We take a look at some of the Christmas Collectables, Christmas Collectibles and Christmas gifts available for Xmas 2018. Royal Doulton Royal Doulton has several festive offerings including their annual Christmas Figure entitled Christmas Surprise, their 2018 Father Christmas entitled Santa Christmas List and the annual petite figure Glad Tidings. Also available are two new models from the Carol Singers collection: Angels from the Realms of Glory and Here We Come A-Carolling. We especially like Santa’s Christmas List which is a colourful study reflecting all the magical charm of the festive season. The jolly Santa reads from a scroll bearing the names of the children he’s leaving gifts for under the flamboyantly decorated Christmas Tree. For more details visit Royal Doulton. Jim Shore Heartland Creek Jim Shore does create wonderful festive items and colourful items. White Woodland Santa is a new addition to the White Woodland Collections from Heartwood Creek by Jim Shore. Standing at 48cm tall, this impressive piece features Mr Claus with his arms out-stretched, holding a piece of bark in his hands. At either side of the log are small woodland creatures including a squirrel and two birds. His feet are surrounded by other creatures, with the piece depicting a white rabbit and grey raccoon. There are a number of new pieces in the White Woodland collection whose colours feature muted winter tones of ice blues, silvers and greys, creating a coherent look that will complement other items across the range while working harmoniously in any home off-set against existing festive décor. For more details visit Enesco’s Heartwood Creek by Jim Shore. Swarovski Silver Crystal The release of the Swarovski annual Christmas ornaments, stars and editions are always keenly anticipated. The 2018 Christmas editions include the SCS Christmas ornament, annual Christmas ball and a Kris Bear annual edition. The Annual Edition Ornament 2018 has been designed by Verena Castelein and is in golden crystal with 156 facets, and comes with a golden satin ribbon and a specially designed metal tag engraved with ‘SCS’ on one side and ‘2018’ on the other. The Christmas Ball edition is very nice and has been designed by Stefanie Nederegger. The Christmas Ball Ornament, Annual Edition 2018 showcases a delicate shooting star, a symbol of dreams and wishes, inside a hand-made, mouth-blown glass ball. Small hand-glued crystals add extra sparkle and make each piece truly one-of-a-kind. The 2018 Kris Bear Christmas Annual Edition shows the Kris Bear in an active pose, decorating a colourful crystal Christmas tree with a golden crystal star on top. The edition has been modelled by artist Viktoria Holzknecht. For more details visit Swarovski.com. Lladro Lladro have released three versions of the Lladro Christmas Bell and three versions of the Lladro Christmas Ball. These classic designs both feature new decoration inspired by musical instruments. In matte porcelain and decorated in three different colours. For more details visit Lladro.com. Steiff The Sweet Santa Musical Teddy Bear by Steiff is a limited edition teddy made in white mohair. It is a limited edition piece, has the white ear tag and the trademark Button in Ear – gold plated, and is being produced in an edition of only 1225 pieces. It stands 27cm tall and plays Jingle Bells . Very sweet. Visit https://www.steiff.com for more details.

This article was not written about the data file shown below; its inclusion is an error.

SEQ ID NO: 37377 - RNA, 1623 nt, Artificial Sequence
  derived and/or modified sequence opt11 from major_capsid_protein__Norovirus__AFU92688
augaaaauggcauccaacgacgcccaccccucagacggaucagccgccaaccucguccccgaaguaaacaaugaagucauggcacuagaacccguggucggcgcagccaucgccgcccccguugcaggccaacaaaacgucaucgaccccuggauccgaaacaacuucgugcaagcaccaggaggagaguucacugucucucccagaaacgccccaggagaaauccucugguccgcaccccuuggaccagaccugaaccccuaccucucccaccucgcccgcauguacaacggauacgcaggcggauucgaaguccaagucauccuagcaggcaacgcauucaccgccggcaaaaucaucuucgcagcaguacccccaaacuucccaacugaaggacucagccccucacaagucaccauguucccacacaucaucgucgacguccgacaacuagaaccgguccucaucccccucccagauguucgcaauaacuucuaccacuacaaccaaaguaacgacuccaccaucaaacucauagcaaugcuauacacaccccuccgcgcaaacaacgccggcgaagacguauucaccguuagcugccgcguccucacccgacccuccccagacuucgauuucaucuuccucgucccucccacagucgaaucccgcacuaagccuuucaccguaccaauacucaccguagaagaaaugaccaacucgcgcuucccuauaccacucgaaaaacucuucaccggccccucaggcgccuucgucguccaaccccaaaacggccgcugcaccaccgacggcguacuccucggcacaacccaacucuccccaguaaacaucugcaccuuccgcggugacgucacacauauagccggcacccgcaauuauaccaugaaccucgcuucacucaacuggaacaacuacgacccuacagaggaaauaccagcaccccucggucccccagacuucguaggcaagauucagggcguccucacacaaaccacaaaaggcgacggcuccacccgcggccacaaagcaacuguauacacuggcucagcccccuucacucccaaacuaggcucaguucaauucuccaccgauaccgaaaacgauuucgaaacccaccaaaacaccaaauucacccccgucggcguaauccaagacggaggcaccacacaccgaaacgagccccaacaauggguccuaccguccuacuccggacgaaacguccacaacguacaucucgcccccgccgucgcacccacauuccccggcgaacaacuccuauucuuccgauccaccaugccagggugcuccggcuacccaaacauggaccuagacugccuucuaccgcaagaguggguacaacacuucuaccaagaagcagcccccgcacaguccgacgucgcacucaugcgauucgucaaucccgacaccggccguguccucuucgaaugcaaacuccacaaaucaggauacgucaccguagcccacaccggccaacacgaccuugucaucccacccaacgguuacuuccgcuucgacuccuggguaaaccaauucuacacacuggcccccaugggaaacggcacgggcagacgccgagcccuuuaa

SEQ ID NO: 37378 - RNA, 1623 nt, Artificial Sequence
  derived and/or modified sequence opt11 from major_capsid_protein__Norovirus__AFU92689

Why have collectors suddenly gone overboard for an out-of-proportion teen with scary eyes? And what can you do if you can`t afford the £500 or so needed to buy one? Blythe was a novelty doll produced by Kenner in 1972, and distributed in Britain by Palitoy. She was just under twelve inches tall, with a slender teen body and an overlarge head. Her most amazing accomplishment was that she could change the position and colour of her eyes. In fact, this wasn’t an innovative development – Pedigree had done much the same thing when they manufactured Pretty Peepers in the late 1950s, though this was a much larger doll standing 22 inches high, and her head was normal size. Presumably, Blythe needed the large head to incorporate the eye-change mechanism, which was operated by a pull cord running from the back of the head. Blythe’s eyes were large and round, and they changed from green to pink to amber to blue each time the string was pulled, momentarily closing between each pull. The blue and green eyes were side-glance, amber and pink looked straight ahead. Her appearance was revolutionary for the time – in fact, she scared children which may well be why she was soon discontinued, though another reason could be that a child’s frenzied pulling of the cord could cause it to break or the mechanism to jam. Twelve outfits were available for the doll, and she was obtainable with four hair colours – blonde, brunette, dark brown and auburn, some with fringes, some with a centre parting. She wasn’t a great success, and probably would have been ignored by doll collectors, until something happened which gave her a new lease of life and, indirectly, spawned a complete turnaround in the doll world culminating in a line of dolls which today outstrip sales of everything else. A few years ago, a lady called Gina Goran wanted to try out a camera, and grabbed the first doll she could find to test out the lens. It so happened that this lady had accumulated a collection of Blythe dolls. When she saw how great Blythe was as a model, she decided to dress the doll in unusual outfits and to photograph her in various place-settings. The resulting photos were gathered into a small book – and the result is history. Within a few months, prices for Blythe dolls had escalated, and a doll you could once find for a couple of pounds at a boot sale was now like gold dust. Blythe originally came wearing a long maxi-dress. The light brunette wore ‘Golden Goddess’ (yellow, trimmed with braid), the dark brunette, ‘Medieval Mood’ (brown with a Celtic pattern), auburn, ‘Love ‘n’ Lace’ (green scattered with flowers) and the blonde ‘Pretty Paisley’ (blue paisley print). Her range of outfits were sold carded with helpful photos on the reverse showing other items in the range, and included ‘Lounging Lovely’, ‘Roaring Red’, ‘Kozy Kape’, ‘Aztec Arrival’, ‘Pleasant Peasant’ and ‘Pow-Wow Poncho’. ‘Priceless Parfait’ consisted of a boldly-patterned yellow, blue and pink skirt, pink top with matching bag, fringed scarf and scarlet boots, while ‘Pinafore Purple’ was a purple all-in-one with flared sleeves and a medallion-patterned skirt worn over the top. All the garments had a typical ethnic-type Seventies look with pl enty of braid and fringing. Usually a label was attached inside with Blythe’s name on, which makes identification easy today, though in any case the clothes are very distinctive. An attractive ‘Blythe’s Fashion Wardrobe Case’ bearing a picture of Blythe, was available to store one doll and her outfits. Additionally, it was possible to buy a set of zany wigs to fit Blythe. These delightfully frothy affairs came in ‘Strawberry’ (pink), ‘Lime’ (green), ‘Blueberry’ (blue) and ‘Lemon’ (yellow), complete with a pair of trendy sunglasses. Each wig had its own polystyrene wig-stand, and a special combined brush and comb. Once Blythe was flaunting this movie-star get-up her appearance was amazingly altered. When Blythe made her come-back, fans clamoured for her. Takara, a Hasbro-owned Japanese company brought out their own range of Blythe dolls around four years ago, which proved immensely popular, and these have evolved to the extent that the plastic and colouring is almost identical to the original Kenner/Palitoy 1970s dolls. They feature the four colour eye-change mechanism worked by a pull string. The Japanese people have taken this new Blythe to their hearts, dressing her in street-wise, kookie fashions. Unfortunately, she is quite difficult to obtain in Britain, and it is normally necessary to use the internet or mail order to obtain her. These Blythes are not cheap, costing around £65 – though a range of four-inch high mini Blythes are much more affordable. Takara Blythes are sold in brightly coloured boxes with retro graphics reminiscent of the seventies. Their dolls have names such as Modrian, Dotty Dot, Hollywood, Disco Boogie, and Lounging Lovely, and their clothes are chic and pretty, some being replicas of the original Blythe outfits, and others very ‘girlie’, with pastel pink and blue jackets and floaty dresses. Another company producing a similar doll is Pullip, again Japanese based, owned by Jun Planning. Pullip dolls are a slightly more ‘grown-up’ version of Blythe, with a shaped body. The limbs are fully articulated, even the wrists and ankles. Their outfits are wacky, colourful and cool, and they are proving very popular, though it seems that stockists are only allowed a few of each new version, and you often have to order in advance. Pullips cost around £60, and the mini-Pullips are under £10. However, the eye action on a Pullip is not a colour-change, it is a side-glance and winking movement, controlled by levers at the back of the doll`s head. Pullip dolls have names such as Arietta, Bouquet, Noir, Withered, Chicca, Principessa, Squall and Venus. Additionally, there are storybook versions – Alice In Wonderland, Ann of Green Gables and Red Riding Hood. There is also a boy, who is known as Namu, and he stands taller than Pullip, about fourteen inches high. Namu comes in various versions including Trunk, Wolf and Vispo. The costumes and accessories […]